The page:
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15289Where to Meditate

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  • medit8ionsociety
    Mar 11 3:43 PM
      I recently had the joy of retouching base with
      one of the students who for many years came to
      our classes at several of the different Adult Education
      programs in the Philly area where we taught. She has
      just moved into a new home and has dedicated a room
      to be used exclusively for meditation. We had often spoke
      of having a proper envirinment in which to sit in
      meditation, but how difficult that was in a moderm
      American big city. But she has now been able to
      create exactly what is appropriate and advantageous.
      She has put beautiful spiritual paintings on the
      walls, flowers in many places, soundproofed the
      room, pipes in soothing sounds, and has placed many
      things that for her are reminders of the divinity within.
      But one thing that occured to me as we spoke was that
      at this point in her spriritual evolution, I feel
      that she is at one and at peace no matter what is
      going on in and around her, and that the whole
      universe is the proper environment for her to
      meditate in. I'm not saying that nothing will ever
      disturb her, and that the room she has built will
      not be an asset, but that the inner room she dwells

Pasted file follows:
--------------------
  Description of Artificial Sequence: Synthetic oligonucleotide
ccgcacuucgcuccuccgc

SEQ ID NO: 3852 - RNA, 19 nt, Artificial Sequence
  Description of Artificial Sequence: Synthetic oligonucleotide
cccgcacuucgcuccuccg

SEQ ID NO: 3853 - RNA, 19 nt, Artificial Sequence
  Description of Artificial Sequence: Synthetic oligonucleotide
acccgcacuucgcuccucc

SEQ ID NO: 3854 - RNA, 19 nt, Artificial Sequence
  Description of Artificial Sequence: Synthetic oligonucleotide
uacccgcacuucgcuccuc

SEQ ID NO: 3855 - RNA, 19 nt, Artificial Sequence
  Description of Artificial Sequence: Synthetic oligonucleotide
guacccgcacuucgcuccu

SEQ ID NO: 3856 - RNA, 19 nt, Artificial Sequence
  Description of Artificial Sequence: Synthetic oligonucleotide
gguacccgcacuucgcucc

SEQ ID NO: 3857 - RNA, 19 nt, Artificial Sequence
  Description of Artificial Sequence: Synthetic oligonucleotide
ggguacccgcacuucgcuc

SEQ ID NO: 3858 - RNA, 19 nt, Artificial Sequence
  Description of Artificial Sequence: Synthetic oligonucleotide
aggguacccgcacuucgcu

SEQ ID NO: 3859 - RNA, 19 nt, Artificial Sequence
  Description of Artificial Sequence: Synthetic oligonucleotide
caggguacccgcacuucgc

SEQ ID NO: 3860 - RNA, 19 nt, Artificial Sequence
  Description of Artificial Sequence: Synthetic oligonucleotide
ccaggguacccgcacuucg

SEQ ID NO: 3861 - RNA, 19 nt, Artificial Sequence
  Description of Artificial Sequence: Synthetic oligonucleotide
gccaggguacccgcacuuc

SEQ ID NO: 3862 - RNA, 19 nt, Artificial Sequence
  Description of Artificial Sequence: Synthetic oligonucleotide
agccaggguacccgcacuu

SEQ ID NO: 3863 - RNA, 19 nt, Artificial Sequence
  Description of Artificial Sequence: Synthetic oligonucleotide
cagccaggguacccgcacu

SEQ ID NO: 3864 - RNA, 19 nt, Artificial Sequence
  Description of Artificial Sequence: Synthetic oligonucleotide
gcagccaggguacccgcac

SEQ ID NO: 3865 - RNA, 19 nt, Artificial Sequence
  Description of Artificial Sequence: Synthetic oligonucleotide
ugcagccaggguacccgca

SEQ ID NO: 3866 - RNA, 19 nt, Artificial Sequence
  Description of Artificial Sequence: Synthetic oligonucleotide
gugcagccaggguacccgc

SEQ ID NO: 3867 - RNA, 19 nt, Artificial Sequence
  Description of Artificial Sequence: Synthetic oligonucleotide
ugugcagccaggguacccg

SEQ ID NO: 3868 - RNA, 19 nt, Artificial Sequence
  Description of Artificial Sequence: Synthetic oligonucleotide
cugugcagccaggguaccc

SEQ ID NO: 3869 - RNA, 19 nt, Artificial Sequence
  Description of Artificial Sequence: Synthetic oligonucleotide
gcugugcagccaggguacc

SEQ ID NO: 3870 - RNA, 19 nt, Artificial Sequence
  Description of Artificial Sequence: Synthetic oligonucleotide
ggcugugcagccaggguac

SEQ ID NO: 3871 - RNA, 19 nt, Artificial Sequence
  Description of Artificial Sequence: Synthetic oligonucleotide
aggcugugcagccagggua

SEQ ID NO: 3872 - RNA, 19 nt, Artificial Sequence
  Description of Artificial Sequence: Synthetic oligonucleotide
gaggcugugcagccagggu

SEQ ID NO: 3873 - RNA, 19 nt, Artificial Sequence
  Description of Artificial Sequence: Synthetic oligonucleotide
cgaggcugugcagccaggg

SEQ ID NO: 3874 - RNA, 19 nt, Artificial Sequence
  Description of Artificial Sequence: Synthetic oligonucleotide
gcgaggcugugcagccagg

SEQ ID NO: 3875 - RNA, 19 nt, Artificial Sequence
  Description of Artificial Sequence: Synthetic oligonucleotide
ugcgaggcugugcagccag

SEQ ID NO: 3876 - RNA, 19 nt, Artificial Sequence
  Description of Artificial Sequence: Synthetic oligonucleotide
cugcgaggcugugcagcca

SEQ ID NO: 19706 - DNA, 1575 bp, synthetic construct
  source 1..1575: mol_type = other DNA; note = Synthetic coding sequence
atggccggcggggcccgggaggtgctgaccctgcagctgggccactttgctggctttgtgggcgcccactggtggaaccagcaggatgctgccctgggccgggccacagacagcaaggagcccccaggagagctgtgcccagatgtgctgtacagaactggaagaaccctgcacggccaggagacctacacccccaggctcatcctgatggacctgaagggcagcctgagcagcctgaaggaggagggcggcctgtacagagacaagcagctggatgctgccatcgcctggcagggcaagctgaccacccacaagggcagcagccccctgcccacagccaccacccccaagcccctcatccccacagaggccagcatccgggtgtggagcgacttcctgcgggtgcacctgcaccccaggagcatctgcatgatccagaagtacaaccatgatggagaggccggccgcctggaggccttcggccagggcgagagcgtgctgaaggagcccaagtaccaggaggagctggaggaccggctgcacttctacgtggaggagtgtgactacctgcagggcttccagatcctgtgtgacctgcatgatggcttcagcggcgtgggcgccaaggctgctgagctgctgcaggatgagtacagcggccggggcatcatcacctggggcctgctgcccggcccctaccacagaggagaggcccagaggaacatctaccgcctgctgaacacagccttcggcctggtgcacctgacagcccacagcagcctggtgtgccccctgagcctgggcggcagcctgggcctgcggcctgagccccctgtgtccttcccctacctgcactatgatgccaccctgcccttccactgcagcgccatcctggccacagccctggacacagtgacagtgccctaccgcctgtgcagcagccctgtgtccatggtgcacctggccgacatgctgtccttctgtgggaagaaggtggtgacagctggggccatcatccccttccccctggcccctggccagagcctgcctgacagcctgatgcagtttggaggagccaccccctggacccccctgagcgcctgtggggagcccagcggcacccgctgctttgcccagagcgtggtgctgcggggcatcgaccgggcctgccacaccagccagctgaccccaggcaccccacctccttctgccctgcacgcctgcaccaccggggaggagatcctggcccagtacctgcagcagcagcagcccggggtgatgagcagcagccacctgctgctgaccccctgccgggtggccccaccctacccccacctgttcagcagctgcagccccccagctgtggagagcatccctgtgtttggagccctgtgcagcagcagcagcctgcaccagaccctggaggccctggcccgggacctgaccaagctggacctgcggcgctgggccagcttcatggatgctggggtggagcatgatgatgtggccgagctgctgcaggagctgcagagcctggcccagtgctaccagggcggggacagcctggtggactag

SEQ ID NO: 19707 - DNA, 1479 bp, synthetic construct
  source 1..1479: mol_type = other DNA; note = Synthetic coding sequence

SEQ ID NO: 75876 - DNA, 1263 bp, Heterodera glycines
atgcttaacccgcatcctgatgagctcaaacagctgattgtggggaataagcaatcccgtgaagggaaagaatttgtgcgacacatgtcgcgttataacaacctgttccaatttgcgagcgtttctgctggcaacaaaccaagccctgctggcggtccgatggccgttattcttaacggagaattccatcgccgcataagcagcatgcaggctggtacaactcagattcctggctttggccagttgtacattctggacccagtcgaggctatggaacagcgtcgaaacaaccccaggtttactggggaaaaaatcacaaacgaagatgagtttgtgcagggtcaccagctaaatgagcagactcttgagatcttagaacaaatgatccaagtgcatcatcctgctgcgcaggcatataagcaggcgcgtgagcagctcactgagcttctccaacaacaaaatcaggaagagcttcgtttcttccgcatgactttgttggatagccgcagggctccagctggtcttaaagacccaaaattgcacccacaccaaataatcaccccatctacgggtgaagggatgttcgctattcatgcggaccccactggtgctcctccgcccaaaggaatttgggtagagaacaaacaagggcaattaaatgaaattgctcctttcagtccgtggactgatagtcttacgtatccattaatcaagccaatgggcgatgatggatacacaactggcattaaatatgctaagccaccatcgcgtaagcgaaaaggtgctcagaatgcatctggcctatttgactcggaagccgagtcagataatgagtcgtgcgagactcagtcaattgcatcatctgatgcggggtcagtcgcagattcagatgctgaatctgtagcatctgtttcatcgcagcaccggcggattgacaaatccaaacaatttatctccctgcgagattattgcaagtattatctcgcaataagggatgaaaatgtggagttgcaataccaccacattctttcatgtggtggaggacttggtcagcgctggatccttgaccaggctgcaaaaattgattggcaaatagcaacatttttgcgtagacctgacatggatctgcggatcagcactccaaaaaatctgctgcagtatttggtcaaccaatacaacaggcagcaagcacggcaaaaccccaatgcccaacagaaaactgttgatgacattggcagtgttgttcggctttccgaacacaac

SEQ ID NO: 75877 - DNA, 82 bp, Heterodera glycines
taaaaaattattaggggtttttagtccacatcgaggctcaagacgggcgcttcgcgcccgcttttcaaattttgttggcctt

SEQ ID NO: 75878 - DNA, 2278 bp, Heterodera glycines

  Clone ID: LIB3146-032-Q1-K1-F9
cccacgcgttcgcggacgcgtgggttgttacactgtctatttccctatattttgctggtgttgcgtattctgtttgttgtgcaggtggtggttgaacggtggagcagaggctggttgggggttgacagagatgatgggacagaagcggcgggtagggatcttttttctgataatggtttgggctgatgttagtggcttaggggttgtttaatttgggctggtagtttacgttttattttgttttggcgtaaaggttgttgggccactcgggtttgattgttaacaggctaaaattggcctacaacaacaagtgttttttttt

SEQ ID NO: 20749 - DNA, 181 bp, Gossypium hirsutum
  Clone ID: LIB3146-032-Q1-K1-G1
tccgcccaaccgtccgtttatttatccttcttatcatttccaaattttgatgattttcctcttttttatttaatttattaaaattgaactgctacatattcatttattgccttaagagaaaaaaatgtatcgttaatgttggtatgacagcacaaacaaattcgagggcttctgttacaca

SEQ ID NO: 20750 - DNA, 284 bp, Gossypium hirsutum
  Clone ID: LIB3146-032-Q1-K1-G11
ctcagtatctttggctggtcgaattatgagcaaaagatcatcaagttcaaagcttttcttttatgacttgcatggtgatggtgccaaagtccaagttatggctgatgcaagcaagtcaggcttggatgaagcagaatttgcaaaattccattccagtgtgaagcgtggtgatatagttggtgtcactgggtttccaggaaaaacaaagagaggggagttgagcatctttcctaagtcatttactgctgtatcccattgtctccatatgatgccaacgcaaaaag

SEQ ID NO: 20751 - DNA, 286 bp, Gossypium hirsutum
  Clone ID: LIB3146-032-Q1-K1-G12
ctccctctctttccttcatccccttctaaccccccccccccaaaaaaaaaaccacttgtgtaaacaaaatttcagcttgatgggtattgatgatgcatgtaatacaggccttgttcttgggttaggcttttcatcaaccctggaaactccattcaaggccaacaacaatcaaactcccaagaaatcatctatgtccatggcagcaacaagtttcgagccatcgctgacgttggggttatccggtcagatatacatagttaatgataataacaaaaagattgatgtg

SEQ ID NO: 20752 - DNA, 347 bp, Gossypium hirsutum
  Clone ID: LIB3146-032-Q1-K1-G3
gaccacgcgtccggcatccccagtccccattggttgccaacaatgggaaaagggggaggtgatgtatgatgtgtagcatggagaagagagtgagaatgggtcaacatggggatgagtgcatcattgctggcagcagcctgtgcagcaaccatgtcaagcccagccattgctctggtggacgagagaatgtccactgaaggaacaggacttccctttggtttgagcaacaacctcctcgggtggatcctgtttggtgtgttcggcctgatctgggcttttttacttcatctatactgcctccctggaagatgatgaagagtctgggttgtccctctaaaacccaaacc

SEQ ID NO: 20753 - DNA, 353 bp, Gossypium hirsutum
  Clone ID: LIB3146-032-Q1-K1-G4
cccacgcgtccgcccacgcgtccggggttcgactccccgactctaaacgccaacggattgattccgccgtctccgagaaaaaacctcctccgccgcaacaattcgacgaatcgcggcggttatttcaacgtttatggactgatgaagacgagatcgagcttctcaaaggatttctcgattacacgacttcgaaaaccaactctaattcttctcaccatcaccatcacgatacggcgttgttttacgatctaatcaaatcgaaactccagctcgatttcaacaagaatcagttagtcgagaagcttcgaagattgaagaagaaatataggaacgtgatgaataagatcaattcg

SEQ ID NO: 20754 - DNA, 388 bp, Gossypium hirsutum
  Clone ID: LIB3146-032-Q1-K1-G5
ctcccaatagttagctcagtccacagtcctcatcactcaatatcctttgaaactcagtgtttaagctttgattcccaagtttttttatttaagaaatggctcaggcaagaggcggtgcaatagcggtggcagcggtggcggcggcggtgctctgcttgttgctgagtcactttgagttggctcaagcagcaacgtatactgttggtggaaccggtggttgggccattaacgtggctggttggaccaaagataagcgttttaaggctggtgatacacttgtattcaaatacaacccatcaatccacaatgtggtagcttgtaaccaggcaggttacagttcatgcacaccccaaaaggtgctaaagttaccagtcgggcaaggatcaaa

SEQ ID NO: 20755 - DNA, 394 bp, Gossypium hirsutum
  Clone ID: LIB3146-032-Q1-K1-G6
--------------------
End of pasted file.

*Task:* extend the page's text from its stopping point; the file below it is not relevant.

in seems to be all that she will ever need. In any
      event, please make your meditative experience as
      flowing as possible and that is definitly aided by
      as soothing an environment as you can be in. Here are
      some words shared by the great sage Swami Sivananda:

      The Meditation Room

      The meditation room should be regarded as a
      temple of God. Talks of profane nature should
      never be indulged in the room. No vicious
      thoughts of rancorous jealousy, avarice are
      to be entertained there. Admittance should ever
      be sought in it with a pious and reverent mind.
      For, what we do, what we think and what we
      speak of leave their impressions on the ether
      of the room and, if no care is taken to avoid
      them, they will exert their influence on the
      aspirant's mind and, rendering his mind perverse
      and restive, make him incapable of attending to
      the devotion. The words uttered, the thoughts
      cherished, the deeds done are not lost; they are
      always reflected on the subtle layers of ether
      encircling the room where they are done and affect
      the mind invariably. As much as possible effort
      should be made to overcome them. This is to be done
      for a few months only; when the habit is changed,
      everything will be all right.
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